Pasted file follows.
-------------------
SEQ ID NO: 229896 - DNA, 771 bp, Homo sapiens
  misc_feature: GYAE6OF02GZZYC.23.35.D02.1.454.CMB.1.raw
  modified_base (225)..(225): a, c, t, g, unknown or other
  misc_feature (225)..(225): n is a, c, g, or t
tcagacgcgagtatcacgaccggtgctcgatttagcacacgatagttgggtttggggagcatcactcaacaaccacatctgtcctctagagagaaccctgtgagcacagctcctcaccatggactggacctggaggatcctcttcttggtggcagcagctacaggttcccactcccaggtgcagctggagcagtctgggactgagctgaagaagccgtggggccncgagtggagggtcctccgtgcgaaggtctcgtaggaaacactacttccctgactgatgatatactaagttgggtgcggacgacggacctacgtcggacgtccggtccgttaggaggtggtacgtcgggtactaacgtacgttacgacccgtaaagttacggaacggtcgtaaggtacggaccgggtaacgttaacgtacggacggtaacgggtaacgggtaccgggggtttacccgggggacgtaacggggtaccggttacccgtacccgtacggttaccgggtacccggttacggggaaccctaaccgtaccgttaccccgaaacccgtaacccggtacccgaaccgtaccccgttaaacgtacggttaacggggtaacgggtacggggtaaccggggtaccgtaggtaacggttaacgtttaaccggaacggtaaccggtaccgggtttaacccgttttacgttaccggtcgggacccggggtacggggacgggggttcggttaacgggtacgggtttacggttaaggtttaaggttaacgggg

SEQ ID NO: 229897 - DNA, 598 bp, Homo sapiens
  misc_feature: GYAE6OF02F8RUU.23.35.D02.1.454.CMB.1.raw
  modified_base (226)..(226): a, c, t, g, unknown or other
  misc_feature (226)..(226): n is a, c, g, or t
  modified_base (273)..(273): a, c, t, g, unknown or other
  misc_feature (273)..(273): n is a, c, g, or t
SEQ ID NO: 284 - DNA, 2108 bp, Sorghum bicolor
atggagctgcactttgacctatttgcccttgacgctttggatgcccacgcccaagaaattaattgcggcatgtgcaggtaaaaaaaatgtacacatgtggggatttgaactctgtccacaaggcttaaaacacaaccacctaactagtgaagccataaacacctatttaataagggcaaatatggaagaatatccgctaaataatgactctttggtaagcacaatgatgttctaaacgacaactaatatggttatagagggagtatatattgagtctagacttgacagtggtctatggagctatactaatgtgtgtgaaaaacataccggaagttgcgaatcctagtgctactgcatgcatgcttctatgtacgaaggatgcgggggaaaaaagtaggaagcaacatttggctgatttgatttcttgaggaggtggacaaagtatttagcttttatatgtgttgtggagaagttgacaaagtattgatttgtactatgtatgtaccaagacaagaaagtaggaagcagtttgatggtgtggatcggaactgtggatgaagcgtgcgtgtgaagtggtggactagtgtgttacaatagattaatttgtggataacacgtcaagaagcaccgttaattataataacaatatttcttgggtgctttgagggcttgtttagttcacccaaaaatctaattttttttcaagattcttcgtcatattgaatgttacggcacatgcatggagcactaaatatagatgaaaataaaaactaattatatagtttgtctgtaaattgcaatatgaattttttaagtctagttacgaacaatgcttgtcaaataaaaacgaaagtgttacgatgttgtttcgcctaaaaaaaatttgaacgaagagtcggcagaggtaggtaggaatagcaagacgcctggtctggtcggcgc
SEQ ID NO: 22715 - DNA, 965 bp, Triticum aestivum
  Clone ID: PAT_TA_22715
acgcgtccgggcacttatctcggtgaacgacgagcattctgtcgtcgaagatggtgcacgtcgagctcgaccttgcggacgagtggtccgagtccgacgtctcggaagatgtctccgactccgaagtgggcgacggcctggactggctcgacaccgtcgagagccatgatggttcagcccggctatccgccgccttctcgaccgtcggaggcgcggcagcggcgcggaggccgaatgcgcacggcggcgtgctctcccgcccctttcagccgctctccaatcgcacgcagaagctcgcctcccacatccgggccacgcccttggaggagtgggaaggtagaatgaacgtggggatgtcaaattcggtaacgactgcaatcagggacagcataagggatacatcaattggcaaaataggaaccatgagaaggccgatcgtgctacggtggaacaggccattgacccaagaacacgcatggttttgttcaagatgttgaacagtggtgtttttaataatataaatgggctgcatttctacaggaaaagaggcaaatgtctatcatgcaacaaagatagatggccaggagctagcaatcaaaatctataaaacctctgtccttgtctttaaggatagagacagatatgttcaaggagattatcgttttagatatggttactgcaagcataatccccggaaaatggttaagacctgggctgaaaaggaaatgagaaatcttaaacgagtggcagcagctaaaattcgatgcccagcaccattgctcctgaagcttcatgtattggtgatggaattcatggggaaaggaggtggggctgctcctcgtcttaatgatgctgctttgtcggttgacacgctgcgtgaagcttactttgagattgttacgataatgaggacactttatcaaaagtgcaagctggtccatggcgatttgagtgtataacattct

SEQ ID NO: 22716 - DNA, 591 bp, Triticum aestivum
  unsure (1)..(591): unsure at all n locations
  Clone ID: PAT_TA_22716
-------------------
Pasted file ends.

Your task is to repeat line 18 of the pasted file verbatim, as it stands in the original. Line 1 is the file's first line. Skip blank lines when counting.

  unsure (1)..(591): unsure at all n locations